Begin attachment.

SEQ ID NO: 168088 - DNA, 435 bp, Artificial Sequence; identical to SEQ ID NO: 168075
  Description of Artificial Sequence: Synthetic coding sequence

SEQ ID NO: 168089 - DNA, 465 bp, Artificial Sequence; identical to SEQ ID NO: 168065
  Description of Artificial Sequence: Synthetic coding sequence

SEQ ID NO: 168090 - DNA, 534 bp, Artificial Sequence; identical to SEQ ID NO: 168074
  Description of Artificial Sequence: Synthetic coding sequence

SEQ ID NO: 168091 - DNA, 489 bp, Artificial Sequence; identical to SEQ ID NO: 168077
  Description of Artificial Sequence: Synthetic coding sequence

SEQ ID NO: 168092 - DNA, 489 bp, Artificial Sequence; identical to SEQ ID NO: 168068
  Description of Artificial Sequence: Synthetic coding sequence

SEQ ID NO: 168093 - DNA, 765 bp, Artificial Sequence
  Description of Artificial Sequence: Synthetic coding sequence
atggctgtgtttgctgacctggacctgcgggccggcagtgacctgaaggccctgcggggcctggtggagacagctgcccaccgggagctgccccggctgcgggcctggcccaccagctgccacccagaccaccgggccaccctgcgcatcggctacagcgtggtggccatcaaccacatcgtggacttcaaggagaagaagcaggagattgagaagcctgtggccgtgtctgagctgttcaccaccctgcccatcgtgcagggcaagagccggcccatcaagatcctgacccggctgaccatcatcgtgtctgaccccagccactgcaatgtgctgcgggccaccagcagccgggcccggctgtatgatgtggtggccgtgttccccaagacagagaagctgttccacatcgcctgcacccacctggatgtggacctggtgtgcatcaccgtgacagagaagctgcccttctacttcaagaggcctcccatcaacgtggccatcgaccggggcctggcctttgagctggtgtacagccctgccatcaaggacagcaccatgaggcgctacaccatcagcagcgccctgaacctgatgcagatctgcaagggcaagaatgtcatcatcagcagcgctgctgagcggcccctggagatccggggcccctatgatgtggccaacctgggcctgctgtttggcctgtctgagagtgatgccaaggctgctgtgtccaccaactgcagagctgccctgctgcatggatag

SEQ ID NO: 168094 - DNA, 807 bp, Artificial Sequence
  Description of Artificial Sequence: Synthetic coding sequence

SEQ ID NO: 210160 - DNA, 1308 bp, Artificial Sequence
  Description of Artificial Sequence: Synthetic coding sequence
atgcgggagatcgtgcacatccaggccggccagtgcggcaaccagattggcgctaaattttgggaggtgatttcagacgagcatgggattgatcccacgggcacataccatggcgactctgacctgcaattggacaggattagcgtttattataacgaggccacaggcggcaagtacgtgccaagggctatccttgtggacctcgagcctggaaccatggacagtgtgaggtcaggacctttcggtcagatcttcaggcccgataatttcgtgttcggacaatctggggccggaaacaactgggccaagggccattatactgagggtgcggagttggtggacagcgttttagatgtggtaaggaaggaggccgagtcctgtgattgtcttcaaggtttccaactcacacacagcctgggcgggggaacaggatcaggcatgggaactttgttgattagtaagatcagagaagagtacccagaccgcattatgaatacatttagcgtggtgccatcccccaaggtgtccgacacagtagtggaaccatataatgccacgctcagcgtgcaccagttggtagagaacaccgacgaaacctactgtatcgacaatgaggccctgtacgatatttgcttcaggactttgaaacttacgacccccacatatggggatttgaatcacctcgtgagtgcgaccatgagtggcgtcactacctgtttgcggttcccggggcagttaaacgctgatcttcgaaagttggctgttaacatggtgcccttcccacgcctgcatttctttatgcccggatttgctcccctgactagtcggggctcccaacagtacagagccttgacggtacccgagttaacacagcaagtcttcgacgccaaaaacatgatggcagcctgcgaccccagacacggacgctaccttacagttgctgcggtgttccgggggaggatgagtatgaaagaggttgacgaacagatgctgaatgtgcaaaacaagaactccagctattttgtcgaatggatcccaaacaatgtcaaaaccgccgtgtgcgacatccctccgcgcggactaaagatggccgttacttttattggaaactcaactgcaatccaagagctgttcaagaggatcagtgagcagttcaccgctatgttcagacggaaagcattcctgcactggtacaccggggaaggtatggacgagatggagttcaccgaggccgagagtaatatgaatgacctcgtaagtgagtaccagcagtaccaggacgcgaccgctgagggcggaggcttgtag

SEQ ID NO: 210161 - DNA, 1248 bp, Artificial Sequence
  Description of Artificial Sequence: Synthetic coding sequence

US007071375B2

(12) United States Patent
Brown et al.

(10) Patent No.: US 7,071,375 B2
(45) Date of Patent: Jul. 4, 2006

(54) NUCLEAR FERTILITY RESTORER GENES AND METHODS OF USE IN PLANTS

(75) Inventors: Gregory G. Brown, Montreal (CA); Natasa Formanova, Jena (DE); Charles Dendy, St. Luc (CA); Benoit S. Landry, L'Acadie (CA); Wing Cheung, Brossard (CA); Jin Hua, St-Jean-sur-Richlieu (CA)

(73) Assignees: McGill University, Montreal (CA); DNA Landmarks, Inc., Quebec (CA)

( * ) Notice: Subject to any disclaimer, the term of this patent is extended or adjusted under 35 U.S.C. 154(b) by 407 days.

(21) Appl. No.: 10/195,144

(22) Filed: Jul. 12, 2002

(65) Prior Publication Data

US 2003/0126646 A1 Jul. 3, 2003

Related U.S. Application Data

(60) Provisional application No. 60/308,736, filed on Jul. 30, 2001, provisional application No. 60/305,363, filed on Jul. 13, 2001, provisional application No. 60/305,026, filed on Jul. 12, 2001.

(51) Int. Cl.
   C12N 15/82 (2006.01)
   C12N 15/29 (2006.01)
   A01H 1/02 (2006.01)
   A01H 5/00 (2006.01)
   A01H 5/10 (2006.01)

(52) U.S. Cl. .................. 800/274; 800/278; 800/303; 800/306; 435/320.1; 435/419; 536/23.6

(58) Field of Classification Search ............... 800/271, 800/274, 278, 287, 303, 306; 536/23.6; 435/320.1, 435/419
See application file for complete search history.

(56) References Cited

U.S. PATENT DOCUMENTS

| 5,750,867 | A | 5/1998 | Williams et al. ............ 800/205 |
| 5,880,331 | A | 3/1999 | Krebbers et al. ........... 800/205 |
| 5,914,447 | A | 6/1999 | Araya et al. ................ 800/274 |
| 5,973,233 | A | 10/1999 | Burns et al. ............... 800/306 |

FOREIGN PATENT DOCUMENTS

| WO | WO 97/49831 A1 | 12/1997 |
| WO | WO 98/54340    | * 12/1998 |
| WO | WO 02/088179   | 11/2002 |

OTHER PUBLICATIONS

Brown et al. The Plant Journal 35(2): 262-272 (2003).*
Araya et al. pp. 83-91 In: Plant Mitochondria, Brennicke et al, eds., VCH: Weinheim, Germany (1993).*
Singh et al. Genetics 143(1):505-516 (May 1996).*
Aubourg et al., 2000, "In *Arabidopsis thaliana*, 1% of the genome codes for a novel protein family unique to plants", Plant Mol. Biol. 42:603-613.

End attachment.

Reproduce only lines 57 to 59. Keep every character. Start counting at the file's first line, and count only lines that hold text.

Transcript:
Araya et al. pp. 83-91 In: Plant Mitochondria, Brennicke et al, eds., VCH: Weinheim, Germany (1993).*
Singh et al. Genetics 143(1):505-516 (May 1996).*
Aubourg et al., 2000, "In *Arabidopsis thaliana*, 1% of the genome codes for a novel protein family unique to plants", Plant Mol. Biol. 42:603-613.